Sample size calculation for liquids

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• #38464

Fil
Participant

I am trying to detect the presence of a microorganism in a liquid.  Right now, sample of 5mL is taken from various tanks ranging from 4 liters to 120 liters.  This sample undergoes bioburden test to detect any growth. How do I know what is the approppriate sample size for this?

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#115063

Tim F
Member

I think there are two different questions lurking here, and they have two very different meanings and two very different answers. I’ll give my \$0.02 and see who has any better ideas.QUESTION 1) Is 5 mL an appropriate size sample to draw?
This questions depends on the test being done. If the test can be adaquately performed on 5 mL and consistently detect contamination at the levels you are interested in, then that is really all you need to know. The appropriate volume to draw for each test is determined by the test. QUESTION 2) How many samples should be drawn? This one is tough – tougher than deciding how many widgets to pull from a lot from sampling. You see, standard sampling assumes that the defects are randomly distributed. I’m assuming that by the time that a region is contaminated, a 5 mL sample will contain thousands or millions of nasty microorganism. If — and this is a big “if”) — if the contamination is uniformly distributed, then that presumably mean that ANY 5 mL sample will contain thousands (give or take a few hundred) of microorganisms. If, however, the microorganisms are concentrated in one area — maybe they start growing in one region and only slowly spread to other parts of the liquid — then you need to take enough samples to have a good chance of finding the bad region. That requires a knowledge of how the micro-organisms are actually distributed and that can only be determined by more careful study.
Tim

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#115067

Szentannai
Member

Hi,
I’d ask how sensitive the measurement method is – i.e. what is the smallest concetration of the microorganism that you can detect assuming uniform distruibution. It would also be good to know whether you can homogenize the tanks befor taking the sample (like stirring them?).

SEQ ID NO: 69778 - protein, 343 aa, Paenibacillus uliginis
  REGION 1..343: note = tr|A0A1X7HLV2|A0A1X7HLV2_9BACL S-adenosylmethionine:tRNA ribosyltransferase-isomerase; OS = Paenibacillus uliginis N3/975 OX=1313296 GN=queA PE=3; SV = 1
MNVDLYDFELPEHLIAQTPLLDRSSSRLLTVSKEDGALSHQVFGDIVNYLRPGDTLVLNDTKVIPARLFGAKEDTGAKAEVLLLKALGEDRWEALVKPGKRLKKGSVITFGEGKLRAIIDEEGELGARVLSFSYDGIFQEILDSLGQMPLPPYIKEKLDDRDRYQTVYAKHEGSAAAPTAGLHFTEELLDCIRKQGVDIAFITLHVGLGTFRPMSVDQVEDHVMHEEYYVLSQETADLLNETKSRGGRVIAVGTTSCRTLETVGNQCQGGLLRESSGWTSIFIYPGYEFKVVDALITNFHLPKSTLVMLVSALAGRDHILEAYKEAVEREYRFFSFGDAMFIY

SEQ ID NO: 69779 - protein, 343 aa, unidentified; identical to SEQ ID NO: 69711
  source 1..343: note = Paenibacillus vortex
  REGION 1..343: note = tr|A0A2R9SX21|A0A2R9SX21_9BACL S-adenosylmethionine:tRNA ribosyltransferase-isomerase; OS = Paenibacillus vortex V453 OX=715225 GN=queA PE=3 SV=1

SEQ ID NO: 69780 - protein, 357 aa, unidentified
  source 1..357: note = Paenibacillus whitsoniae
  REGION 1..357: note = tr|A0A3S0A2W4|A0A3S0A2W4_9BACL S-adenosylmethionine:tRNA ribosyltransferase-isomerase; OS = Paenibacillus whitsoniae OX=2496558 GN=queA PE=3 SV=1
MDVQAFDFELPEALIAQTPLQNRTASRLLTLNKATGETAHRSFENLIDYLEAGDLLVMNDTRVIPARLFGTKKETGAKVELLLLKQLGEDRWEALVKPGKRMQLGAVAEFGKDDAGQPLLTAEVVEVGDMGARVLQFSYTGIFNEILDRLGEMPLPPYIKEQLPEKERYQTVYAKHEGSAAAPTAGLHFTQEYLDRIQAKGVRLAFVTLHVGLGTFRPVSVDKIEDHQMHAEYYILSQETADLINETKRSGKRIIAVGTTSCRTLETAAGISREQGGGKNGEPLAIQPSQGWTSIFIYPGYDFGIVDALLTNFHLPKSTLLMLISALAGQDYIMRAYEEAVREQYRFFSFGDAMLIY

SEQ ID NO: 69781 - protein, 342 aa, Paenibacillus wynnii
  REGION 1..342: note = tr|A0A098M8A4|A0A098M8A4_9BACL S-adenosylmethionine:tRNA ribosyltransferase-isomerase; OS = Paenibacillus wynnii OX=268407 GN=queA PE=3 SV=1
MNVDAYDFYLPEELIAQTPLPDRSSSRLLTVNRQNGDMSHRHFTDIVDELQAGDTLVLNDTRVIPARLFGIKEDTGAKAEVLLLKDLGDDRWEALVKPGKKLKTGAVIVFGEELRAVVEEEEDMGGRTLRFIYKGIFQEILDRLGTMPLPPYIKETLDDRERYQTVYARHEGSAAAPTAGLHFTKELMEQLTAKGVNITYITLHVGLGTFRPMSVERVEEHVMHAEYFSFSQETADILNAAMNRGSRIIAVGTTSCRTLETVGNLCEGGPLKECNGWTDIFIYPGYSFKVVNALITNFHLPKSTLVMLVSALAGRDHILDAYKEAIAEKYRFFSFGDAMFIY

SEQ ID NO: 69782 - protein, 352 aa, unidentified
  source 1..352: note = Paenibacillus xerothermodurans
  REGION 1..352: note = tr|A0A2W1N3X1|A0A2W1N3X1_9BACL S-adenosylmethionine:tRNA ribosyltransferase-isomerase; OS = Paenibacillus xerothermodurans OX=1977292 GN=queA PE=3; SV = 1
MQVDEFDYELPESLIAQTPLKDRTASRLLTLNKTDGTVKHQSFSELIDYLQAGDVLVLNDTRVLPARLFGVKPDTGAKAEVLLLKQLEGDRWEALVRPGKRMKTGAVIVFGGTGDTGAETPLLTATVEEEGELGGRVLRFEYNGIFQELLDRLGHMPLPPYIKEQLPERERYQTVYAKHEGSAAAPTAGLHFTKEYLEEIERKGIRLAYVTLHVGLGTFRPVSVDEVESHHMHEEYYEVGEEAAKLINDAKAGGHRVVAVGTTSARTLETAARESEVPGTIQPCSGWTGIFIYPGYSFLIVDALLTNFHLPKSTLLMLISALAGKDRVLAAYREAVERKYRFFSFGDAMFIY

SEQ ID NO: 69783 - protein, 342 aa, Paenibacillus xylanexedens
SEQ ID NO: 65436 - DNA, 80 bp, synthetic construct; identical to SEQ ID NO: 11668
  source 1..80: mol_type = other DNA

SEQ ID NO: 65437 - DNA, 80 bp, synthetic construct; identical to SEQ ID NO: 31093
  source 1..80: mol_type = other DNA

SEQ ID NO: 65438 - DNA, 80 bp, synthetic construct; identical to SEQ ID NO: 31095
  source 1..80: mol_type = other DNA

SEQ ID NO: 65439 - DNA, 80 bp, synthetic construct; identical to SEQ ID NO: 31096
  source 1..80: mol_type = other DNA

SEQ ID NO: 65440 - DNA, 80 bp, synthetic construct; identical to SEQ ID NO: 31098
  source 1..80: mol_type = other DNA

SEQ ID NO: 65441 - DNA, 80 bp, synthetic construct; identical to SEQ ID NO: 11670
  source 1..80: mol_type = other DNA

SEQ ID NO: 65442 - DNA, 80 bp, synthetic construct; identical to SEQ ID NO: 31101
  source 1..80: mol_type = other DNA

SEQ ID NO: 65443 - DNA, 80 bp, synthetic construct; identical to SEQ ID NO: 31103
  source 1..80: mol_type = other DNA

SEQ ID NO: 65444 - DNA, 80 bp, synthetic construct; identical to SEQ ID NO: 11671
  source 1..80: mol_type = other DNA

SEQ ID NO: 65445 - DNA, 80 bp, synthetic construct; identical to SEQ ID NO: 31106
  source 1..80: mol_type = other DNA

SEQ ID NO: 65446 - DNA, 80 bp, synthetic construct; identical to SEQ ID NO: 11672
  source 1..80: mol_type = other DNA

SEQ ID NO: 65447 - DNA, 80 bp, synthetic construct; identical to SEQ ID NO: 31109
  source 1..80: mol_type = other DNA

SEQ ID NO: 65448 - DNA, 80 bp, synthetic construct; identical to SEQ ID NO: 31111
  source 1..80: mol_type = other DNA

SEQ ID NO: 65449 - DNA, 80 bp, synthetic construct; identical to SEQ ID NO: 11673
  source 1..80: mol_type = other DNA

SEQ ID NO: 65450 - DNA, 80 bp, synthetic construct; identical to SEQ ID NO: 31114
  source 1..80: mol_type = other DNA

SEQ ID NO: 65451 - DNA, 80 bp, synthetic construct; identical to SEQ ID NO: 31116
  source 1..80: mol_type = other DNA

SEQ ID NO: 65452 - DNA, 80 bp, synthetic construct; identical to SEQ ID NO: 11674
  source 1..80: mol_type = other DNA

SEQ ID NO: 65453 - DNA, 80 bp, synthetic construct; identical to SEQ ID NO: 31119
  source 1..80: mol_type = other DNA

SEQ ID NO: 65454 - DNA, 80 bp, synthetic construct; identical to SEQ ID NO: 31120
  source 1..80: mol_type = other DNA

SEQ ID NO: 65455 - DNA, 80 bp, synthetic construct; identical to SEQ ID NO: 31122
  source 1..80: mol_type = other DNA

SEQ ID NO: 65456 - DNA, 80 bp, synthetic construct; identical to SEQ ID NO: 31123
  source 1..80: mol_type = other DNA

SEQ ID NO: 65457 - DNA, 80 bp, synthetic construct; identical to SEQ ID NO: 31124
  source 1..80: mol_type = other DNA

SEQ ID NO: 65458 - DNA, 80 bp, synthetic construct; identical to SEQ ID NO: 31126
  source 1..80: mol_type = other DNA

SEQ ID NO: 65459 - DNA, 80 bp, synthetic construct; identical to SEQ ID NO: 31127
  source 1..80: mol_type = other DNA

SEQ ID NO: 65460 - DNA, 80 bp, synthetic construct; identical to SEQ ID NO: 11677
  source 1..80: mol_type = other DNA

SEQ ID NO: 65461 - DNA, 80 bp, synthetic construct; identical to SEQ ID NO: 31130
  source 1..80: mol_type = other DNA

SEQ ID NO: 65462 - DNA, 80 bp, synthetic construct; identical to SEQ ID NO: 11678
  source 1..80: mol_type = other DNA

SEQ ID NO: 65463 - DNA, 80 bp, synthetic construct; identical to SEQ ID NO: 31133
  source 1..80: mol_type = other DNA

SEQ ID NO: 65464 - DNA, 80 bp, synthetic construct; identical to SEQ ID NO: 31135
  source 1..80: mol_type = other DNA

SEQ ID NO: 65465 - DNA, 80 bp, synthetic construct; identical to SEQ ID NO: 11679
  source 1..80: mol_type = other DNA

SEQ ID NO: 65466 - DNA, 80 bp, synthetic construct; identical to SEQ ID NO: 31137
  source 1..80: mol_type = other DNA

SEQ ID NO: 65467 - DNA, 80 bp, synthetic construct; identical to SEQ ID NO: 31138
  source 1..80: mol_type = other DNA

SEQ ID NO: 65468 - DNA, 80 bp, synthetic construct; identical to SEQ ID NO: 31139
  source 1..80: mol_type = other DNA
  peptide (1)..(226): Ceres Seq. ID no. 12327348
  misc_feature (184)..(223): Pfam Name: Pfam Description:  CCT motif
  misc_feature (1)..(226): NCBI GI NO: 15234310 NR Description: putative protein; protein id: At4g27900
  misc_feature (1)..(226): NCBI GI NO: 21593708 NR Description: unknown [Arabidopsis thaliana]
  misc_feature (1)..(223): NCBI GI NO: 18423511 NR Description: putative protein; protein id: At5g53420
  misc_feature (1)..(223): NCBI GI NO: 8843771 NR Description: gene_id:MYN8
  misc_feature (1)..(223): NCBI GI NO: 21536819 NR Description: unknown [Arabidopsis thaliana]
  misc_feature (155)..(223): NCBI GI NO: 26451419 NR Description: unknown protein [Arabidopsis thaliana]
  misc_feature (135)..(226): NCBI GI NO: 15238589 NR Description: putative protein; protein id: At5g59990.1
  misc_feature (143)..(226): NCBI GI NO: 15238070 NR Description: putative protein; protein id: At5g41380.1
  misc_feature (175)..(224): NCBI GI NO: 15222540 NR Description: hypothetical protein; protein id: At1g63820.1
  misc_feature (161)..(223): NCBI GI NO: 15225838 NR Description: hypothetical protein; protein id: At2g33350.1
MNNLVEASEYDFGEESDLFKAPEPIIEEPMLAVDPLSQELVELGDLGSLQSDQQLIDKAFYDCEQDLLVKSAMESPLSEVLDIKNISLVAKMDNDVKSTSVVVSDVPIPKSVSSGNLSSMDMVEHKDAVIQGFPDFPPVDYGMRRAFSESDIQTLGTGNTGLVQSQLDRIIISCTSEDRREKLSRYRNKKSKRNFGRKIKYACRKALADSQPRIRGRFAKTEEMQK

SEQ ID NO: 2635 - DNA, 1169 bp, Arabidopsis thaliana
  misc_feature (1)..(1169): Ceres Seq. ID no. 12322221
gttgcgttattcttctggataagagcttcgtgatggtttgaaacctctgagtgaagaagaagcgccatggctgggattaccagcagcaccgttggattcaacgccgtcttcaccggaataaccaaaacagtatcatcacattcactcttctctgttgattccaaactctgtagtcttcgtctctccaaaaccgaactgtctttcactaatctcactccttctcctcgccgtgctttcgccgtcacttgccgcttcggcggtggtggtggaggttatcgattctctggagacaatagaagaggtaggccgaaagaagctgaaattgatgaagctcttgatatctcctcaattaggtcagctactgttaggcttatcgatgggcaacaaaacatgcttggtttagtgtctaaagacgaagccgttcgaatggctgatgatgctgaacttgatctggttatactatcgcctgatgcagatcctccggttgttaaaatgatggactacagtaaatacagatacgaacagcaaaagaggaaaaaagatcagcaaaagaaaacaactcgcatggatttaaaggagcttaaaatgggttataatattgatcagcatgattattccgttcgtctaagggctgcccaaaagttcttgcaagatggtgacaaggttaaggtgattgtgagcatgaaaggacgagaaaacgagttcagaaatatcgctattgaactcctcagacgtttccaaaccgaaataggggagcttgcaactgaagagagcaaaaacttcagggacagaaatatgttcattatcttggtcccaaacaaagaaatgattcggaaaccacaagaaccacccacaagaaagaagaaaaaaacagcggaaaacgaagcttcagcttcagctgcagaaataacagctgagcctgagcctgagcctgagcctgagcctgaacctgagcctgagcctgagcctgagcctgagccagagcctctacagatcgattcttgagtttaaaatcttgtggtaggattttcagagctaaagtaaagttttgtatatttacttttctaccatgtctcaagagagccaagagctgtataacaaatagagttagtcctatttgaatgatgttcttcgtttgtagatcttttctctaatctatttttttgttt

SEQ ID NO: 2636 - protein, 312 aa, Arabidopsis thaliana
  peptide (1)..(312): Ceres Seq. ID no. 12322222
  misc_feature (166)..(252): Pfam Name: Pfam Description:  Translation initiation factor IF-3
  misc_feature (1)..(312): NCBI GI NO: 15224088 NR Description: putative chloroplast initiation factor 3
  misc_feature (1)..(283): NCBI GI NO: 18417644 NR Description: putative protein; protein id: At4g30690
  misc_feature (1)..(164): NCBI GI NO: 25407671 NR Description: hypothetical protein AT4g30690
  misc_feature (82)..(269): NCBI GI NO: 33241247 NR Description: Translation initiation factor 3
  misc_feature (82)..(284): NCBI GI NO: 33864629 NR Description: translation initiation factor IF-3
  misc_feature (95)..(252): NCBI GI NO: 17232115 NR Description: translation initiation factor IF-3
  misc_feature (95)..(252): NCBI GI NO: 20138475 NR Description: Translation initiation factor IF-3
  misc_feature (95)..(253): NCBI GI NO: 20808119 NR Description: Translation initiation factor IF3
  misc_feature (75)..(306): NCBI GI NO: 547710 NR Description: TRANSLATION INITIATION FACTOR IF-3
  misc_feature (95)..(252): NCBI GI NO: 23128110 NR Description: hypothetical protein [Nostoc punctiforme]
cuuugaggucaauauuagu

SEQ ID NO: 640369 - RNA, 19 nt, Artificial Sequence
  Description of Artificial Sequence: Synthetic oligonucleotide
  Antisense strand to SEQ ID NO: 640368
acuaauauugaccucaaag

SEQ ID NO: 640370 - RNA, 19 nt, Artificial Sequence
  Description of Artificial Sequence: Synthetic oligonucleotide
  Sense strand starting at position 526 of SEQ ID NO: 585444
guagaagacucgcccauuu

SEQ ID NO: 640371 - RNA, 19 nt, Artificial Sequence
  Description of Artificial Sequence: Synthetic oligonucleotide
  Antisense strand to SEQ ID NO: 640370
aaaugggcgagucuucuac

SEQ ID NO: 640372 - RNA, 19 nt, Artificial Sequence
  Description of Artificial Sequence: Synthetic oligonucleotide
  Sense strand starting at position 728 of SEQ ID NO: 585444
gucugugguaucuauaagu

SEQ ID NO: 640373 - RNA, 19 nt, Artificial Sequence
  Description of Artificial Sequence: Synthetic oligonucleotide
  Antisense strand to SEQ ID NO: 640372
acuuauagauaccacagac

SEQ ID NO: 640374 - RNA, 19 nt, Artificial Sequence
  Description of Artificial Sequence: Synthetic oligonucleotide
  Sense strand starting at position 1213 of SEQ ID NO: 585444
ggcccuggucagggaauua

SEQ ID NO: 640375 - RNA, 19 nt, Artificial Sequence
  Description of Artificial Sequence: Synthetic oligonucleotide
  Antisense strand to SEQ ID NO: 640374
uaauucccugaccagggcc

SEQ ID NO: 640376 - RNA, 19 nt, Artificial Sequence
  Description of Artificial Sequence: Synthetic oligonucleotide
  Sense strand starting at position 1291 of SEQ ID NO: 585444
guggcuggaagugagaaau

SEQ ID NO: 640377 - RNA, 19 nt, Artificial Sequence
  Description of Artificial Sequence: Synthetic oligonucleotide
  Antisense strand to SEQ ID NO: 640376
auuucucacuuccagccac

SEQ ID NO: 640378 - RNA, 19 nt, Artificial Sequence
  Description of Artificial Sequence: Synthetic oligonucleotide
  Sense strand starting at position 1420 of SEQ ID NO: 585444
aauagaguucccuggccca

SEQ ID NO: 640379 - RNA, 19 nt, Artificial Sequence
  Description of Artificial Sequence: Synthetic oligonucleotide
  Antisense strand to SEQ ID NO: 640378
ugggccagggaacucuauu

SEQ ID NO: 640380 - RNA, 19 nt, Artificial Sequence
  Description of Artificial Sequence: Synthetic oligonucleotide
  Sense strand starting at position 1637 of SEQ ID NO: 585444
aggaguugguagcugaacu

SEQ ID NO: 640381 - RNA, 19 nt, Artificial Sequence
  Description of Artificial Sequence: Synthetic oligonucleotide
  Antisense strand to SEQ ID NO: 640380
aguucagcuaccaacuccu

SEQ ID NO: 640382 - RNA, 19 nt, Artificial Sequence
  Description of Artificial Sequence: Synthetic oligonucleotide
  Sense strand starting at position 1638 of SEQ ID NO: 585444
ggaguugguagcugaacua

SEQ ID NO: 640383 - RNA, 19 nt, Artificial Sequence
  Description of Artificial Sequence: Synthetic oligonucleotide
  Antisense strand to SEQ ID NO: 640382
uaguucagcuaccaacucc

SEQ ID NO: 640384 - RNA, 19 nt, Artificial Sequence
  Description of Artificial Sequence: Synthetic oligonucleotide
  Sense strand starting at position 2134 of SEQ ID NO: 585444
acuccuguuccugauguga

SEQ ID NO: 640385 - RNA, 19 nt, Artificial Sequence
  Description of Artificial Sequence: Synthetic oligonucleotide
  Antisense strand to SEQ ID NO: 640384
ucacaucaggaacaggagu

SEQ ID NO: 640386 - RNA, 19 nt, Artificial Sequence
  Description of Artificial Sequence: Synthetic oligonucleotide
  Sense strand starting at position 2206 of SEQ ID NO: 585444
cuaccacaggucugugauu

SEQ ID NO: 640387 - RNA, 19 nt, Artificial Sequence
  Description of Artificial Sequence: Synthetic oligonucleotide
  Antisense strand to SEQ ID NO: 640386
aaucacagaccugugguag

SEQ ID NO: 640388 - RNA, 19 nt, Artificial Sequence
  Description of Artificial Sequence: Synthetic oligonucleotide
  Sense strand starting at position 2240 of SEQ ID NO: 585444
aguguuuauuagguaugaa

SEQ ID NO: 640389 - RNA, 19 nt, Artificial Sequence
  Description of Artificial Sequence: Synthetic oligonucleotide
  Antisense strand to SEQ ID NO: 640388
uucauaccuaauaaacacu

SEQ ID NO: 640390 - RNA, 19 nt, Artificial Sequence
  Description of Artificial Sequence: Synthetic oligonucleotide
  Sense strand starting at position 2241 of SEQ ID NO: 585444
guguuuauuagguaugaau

Then I’d look at the probability of false alarm and missed alarm and adapt the sampling so as to set these to some required levels.I think there is a chance that there are no requirements stated in these terms – in which case discussing them might be very helpful in itself.

Regards
Sandor

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#115081

Bob J
Participant

Tim,
Nicely summarized….
Best Regards,
Bob J

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#115100

Aquinas
Member

I think  some sort of test, maybe an ANOVA, would be in order here to determine if the size of the tank is a factor.

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#115490

JC
Participant

Don’t reinvent the wheel!  Search the open literature and apply a standard test! ASTM?

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#115496

BK
Participant

Part of what should be considered is related more to chemical engineering….1.  If any segmentation could occur, a representative sample from a tank would require recirculating the tank contents to achieve adequate mixing with recirc times being pre-determined (usually the equivalent of turning the volume over 3 times).  2.  If the contents of the tank are appropriately mixed, the way in which the sample is drawn becomes critical if the sample is taken via a sampling line, where line size and flush time come into play.

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#115702

Bob A.
Participant

Howdy
I would assume the result being looked for is either presence or no presence of a microorganism.  A well mixed vs. stratified liquid complicates the issue but this has been covered in the previous replies.  If a homogenous mixture, all that can be determined from a single sample with a +/- test result is the likely limit of concentration of microorganisms per unit volume.  A larger sample decreases this limit but of course complicates the testing.  There are FDA, EPA and USP guidelines for test methods, detectable limits and interpretation of results.
There is an old book, “Quantitative Microbiology” (i think) that is very helpful.  I of course do not rememebr the author.  Sorry

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